Recently, as officials from the United States and European Union pushed for anti-Russian sanctions, Czech Prime Minister Bohuslav Sobotka went on record saying that, he did not consider economic sanctions against Russia an appropriate maneuver. Czech state secretary of European Affairs Tomas Prouza, shares this opinion, since recent developments in Ukraine appear to be shifting in a more positive direction.
The Czech Republic may soon find itself caught in the middle of a political and economic tug-of-war between NATO and Russian President Vladimir Putin, and while many Czech citizens feel that intensified anti-Russian sanctions will only hurt the Czech economy, others have begun to speculate on their government’s loyalties towards the former communist party.
Possible positive Ukranian developments do not seem to be enough for some Czech residents who gathered in the center of Prague’s Old Town Square Saturday, petitioning and rallying for peace in Ukraine. Sporting Ukrainian flags and banners that read “Putin feasts on the land, tears, and NOW blood” as well as other anti-Russian phrases, activists compared the current situation in Ukraine to that of the Munich Conference of 1938, which permitted Nazi Germany’s annexation of parts of former Czechoslovakia and is today regarded as one of history’s largest political failures.
“Putin’s arguments and Hitler’s rhetoric are visibly similar,” an anonymous former high-ranking Czech diplomat said, “Russia is economically fragile. The EU should work on finding other vital energy suppliers and continue to press Russia economically. Russia needs the EU and its high-tech equipment more than the EU needs Russian natural gas.”
Prime Minister of the United Kingdom David Cameron has consistently warned against allowing history to repeat itself in this powerhouse standoff. “This time we cannot meet Putin’s demands. He has already taken Crimea and we cannot allow him to take the whole country,” Cameron said.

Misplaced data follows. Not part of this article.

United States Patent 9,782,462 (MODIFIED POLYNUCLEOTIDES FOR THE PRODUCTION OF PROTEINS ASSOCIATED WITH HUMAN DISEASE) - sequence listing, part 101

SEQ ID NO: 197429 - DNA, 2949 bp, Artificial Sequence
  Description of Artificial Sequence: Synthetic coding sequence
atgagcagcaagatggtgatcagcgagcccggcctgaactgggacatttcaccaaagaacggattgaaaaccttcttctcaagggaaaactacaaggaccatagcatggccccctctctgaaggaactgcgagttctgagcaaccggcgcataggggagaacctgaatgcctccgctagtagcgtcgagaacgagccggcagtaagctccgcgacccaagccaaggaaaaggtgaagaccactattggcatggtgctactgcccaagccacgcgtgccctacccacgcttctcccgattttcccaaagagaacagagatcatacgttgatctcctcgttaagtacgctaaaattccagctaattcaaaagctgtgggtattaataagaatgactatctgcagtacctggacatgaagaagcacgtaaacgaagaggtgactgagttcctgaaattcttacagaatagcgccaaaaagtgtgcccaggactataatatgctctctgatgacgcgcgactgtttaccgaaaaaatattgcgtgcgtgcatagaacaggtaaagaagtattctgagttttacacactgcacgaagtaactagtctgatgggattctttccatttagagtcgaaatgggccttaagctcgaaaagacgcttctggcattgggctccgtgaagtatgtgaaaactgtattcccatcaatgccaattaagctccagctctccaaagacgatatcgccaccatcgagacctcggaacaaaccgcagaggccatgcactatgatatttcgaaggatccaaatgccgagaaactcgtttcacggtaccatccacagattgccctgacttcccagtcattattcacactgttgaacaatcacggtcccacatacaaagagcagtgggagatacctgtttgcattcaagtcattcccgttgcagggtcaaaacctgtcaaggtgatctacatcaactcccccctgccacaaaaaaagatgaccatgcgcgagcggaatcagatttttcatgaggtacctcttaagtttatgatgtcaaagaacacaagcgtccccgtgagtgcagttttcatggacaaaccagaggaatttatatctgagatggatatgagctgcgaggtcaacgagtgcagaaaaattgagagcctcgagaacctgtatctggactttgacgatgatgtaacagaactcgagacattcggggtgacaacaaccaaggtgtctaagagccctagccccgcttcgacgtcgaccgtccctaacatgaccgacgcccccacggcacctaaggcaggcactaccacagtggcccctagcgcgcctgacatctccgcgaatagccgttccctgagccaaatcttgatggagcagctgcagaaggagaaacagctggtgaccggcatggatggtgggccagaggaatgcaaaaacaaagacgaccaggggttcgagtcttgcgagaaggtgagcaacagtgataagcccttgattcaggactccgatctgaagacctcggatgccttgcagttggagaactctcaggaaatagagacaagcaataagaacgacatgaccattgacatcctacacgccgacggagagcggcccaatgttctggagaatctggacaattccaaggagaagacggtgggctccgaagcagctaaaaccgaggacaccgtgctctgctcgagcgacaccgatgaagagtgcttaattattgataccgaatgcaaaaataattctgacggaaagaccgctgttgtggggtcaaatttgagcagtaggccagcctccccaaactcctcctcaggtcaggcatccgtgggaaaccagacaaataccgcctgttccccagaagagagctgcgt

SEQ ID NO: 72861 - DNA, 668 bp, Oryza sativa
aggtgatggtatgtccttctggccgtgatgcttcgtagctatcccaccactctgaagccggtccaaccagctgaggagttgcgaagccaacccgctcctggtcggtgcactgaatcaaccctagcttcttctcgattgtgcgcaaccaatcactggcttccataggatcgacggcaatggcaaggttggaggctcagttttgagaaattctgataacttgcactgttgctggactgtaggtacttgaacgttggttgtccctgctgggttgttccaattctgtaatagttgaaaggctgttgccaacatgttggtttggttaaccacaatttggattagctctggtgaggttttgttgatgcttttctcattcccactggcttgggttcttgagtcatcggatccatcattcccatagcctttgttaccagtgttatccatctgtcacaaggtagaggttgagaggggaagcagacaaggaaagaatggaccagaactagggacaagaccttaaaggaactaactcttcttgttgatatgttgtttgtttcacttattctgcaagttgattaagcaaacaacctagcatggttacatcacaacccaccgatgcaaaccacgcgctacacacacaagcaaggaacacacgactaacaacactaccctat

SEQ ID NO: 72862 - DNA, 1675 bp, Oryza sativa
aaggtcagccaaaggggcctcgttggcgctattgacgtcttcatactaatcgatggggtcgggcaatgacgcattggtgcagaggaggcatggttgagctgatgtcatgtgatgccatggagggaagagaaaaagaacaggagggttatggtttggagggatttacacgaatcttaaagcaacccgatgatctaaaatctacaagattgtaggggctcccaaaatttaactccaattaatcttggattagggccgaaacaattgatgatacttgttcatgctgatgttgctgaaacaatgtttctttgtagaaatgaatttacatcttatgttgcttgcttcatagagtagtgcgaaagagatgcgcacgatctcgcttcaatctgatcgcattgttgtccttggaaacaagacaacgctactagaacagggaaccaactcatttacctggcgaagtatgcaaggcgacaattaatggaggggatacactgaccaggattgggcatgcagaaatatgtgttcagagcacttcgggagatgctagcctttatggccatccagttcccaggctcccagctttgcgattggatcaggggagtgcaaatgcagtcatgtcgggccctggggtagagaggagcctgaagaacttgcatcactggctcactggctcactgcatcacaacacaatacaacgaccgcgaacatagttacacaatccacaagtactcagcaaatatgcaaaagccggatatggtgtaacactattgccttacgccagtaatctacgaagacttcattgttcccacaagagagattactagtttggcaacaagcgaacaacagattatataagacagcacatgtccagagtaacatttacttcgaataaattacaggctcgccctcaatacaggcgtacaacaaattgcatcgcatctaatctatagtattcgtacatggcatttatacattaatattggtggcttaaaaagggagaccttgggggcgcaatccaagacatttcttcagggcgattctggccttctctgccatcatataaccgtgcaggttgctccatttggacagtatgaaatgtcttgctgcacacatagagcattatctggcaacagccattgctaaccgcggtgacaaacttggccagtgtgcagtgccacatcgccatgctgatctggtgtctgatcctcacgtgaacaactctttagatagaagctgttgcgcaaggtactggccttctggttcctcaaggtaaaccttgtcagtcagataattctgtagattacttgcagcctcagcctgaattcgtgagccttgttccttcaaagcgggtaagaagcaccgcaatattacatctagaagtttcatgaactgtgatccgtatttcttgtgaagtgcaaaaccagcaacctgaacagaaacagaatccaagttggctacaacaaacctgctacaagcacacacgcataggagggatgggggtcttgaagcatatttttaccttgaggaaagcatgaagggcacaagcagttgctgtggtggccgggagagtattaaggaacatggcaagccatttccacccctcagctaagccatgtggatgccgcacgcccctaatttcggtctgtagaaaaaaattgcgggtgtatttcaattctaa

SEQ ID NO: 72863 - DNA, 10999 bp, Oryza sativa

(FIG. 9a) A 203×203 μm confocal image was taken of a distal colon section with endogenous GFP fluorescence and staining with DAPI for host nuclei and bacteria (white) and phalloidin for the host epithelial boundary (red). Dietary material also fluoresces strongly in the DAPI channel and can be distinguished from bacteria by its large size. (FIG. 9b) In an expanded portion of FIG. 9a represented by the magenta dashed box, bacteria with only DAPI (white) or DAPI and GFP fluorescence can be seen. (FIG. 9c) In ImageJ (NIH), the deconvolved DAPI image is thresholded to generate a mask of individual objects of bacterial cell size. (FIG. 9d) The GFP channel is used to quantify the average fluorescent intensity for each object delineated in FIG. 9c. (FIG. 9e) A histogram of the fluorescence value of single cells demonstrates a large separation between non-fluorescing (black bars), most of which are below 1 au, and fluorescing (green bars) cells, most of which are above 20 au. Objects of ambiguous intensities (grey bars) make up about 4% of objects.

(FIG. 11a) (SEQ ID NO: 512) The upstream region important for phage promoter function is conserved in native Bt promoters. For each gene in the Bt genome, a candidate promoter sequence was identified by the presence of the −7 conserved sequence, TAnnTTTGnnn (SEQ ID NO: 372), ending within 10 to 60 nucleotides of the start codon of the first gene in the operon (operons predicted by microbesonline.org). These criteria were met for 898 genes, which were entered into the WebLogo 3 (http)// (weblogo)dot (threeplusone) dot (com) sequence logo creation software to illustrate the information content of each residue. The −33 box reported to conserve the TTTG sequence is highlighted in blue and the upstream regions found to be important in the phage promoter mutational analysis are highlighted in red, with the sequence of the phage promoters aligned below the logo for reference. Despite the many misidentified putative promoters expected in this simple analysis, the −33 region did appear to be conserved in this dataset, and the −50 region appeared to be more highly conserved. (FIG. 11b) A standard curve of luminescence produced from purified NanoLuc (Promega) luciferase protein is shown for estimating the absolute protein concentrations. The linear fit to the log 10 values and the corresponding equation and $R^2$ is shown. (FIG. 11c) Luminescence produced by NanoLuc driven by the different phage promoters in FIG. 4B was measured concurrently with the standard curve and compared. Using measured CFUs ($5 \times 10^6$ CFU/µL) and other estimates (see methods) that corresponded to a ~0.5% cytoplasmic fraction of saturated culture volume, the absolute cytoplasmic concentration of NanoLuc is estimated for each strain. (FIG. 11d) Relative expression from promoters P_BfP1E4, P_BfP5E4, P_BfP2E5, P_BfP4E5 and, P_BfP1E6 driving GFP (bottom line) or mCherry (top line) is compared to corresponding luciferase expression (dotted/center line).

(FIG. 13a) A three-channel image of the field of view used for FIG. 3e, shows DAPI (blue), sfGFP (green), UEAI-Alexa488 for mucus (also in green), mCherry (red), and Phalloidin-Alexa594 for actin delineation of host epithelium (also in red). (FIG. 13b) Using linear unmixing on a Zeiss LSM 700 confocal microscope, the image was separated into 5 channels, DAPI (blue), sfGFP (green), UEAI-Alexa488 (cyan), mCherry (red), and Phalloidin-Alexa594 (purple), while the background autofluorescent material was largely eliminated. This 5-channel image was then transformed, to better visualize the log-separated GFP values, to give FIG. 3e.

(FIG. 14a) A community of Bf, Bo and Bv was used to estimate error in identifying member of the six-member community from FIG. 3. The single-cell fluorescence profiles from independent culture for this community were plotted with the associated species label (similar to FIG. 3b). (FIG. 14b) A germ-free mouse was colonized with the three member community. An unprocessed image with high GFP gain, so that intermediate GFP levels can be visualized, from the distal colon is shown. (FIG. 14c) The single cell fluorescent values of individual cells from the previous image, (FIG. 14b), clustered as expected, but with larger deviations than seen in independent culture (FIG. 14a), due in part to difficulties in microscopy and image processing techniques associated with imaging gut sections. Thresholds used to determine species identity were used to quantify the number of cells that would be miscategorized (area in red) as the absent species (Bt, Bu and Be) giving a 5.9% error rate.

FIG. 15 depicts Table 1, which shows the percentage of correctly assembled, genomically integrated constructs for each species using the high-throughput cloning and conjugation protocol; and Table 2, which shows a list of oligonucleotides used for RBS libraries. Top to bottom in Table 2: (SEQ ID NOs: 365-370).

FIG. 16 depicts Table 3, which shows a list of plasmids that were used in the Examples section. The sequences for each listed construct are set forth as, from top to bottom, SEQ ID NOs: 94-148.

Not all experts share his confident stance, however, and in a battle between economics and political integrity, the Czech Republic has much to consider. As of 2013 the GDP growth rate of Czech Republic is -0.9 and Russians currently run over 17,000 Czech firms, a less-than-ideal situation for a country being pressured to enforce stricter anti-Russian sanctions. Many Czechs are even skeptical about whether enforcing the sanctions will effectively overpower Putin’s ideology, or simply force the demand for Czech goods to plummet even further.
Jan Machacek, an arts and economics journalist and commentator, emphasized that it is not only the Czech Republic opposing possible sanctions, and using the Prime Minister of Hungary, Viktor Orbán, and the Austrian government as examples of equal resistance towards anti-Russian behavior, saying that Austria has been the most “cowardly” out of Eastern Europe, referring to Austria’s overly cautious behavior, possibly due to their large Russian community.
“The pro-European government is supposedly more cooperative than the previous government, but indirectly blames ordinary people, saying we are fighting for the interests of Czech employees,” Machacek said, “they should defend sanctions on the basis that we are part of the European family, there is question over how pro-European this government really is.”
Machacek is not the only one who harbors doubts about the loyalties of the current Czech government. Many have speculated that the Social Democratic Party is strongly influenced by the former communist party, and may therefore be less antagonized by Russian actions.
Discussions about a permanent ceasefire solution in the eastern Ukraine are still ongoing though Putin and Ukrainian President Petro Poroshenko have been meeting for the past few weeks. It seems as though the Czech Republic will be able to overcome the demand for anti-Russian sanctions without damaging its relationship with Russia or the EU.